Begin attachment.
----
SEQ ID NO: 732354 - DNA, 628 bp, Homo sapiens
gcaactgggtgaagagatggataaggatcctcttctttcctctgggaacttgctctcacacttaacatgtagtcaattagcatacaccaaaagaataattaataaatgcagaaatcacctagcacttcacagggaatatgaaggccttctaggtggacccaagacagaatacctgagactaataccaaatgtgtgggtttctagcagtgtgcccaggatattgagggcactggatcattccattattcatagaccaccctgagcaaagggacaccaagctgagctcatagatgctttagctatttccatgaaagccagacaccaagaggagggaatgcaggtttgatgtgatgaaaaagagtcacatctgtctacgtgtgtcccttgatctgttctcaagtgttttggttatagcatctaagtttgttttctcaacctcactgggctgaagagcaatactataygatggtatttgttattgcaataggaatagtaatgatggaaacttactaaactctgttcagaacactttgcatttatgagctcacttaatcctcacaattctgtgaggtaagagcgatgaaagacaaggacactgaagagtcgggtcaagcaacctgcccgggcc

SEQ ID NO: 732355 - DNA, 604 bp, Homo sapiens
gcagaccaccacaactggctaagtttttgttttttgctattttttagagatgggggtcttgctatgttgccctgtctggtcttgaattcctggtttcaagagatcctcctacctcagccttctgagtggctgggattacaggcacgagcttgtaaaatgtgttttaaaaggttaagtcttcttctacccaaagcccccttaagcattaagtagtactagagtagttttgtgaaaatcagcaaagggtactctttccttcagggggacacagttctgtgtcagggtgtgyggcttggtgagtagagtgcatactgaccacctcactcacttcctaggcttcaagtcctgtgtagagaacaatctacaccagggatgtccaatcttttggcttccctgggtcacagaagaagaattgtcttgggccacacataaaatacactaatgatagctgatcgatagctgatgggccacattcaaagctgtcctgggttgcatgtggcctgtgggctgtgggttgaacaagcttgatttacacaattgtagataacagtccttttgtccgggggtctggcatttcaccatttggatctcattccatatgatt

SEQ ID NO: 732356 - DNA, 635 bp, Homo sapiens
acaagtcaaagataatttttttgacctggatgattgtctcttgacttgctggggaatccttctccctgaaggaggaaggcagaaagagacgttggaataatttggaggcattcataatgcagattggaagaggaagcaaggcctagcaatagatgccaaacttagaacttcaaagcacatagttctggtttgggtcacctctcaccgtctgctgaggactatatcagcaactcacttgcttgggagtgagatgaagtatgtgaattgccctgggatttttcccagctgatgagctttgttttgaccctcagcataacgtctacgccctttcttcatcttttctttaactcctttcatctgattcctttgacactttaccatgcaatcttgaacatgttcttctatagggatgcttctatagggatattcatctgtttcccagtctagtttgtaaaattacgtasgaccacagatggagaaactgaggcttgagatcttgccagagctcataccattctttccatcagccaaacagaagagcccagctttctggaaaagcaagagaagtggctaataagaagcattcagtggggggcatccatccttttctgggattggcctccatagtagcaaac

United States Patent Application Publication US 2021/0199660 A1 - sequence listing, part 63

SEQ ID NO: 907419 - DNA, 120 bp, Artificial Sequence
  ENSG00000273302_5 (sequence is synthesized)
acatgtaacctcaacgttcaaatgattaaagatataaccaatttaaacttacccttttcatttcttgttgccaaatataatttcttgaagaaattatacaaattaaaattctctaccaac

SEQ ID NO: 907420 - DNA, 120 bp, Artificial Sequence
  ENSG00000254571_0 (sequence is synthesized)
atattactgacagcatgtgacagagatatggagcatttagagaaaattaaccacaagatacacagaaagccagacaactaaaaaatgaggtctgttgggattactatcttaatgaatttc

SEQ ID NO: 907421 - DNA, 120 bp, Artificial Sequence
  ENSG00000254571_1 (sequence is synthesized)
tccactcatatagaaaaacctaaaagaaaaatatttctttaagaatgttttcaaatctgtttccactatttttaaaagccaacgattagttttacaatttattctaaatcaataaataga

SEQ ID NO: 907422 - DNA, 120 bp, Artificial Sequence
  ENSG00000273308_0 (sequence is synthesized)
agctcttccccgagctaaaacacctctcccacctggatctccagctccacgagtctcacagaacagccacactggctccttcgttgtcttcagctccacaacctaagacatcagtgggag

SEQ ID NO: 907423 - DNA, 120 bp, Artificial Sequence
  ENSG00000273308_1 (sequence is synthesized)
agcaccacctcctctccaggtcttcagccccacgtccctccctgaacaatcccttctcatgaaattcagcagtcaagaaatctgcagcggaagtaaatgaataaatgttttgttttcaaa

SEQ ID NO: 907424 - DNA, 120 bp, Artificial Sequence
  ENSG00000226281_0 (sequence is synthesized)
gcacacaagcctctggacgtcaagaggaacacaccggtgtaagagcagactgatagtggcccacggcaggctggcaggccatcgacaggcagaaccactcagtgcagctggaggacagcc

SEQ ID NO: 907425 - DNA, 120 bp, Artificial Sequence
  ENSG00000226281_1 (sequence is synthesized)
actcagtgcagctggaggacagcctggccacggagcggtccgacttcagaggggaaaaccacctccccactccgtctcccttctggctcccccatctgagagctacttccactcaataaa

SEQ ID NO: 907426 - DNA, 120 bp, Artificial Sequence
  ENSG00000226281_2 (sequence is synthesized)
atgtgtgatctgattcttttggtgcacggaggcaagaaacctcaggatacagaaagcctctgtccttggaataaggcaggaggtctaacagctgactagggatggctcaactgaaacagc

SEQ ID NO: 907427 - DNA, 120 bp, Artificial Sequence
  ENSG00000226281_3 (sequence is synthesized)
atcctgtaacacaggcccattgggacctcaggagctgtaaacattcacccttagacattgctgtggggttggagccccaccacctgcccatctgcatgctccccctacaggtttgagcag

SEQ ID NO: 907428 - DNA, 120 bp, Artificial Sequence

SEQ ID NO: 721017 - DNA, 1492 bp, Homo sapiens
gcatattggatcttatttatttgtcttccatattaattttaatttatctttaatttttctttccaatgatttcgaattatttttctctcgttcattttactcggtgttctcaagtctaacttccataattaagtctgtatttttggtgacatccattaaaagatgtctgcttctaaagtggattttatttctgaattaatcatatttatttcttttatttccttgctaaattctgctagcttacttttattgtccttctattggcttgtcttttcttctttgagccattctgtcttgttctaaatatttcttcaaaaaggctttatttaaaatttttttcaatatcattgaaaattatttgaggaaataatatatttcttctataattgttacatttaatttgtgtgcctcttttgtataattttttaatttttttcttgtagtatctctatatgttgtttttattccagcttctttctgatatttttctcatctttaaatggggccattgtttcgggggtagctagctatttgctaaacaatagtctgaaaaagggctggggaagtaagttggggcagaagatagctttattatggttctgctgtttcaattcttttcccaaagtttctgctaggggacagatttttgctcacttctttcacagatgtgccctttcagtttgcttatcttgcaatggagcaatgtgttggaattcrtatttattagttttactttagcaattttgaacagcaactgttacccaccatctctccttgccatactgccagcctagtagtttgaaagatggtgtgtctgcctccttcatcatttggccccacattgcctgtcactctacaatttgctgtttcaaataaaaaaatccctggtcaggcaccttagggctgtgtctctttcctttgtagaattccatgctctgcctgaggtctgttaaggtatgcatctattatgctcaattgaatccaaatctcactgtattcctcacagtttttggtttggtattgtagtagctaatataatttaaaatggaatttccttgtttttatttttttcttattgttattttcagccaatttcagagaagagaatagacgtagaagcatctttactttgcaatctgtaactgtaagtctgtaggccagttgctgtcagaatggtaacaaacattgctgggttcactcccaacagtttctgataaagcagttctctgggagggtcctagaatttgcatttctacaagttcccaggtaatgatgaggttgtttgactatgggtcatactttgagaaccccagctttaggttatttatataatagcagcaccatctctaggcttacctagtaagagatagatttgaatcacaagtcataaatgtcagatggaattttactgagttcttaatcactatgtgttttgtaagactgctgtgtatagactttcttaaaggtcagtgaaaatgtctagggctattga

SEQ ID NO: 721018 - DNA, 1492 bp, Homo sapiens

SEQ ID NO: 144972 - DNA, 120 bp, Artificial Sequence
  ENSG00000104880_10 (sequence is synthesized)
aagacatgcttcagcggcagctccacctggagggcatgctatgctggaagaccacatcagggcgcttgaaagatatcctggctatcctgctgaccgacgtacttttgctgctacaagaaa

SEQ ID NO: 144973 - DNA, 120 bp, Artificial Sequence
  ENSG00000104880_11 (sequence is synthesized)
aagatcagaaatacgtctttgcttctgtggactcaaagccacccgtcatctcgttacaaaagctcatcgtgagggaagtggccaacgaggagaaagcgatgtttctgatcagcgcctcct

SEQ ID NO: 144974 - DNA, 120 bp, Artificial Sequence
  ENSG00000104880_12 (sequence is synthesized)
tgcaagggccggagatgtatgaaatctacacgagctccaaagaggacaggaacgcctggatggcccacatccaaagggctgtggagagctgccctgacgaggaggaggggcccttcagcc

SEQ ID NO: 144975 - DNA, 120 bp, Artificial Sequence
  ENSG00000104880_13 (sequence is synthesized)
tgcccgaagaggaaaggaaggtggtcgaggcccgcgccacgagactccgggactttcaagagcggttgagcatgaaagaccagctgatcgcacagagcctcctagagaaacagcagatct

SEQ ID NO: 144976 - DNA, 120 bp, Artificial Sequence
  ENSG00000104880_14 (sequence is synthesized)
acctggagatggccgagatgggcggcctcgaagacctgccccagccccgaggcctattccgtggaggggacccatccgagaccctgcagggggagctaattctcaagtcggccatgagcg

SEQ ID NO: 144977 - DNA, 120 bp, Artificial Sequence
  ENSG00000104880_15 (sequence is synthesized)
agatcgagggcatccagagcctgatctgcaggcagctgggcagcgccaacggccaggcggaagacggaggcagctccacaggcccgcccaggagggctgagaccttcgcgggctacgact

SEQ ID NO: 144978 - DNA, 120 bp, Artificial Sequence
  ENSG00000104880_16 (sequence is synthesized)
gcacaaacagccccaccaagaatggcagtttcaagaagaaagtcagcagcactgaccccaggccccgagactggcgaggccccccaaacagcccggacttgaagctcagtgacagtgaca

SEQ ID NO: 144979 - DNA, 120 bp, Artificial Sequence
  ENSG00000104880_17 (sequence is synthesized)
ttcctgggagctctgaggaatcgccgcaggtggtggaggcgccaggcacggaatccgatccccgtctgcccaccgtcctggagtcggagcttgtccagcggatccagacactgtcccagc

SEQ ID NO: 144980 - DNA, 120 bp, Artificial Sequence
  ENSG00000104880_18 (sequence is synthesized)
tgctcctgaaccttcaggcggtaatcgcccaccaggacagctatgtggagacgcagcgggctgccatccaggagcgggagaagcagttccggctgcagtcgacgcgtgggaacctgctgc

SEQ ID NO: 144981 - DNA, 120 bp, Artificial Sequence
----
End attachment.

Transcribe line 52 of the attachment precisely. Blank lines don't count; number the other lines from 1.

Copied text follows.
  ENSG00000104880_14 (sequence is synthesized)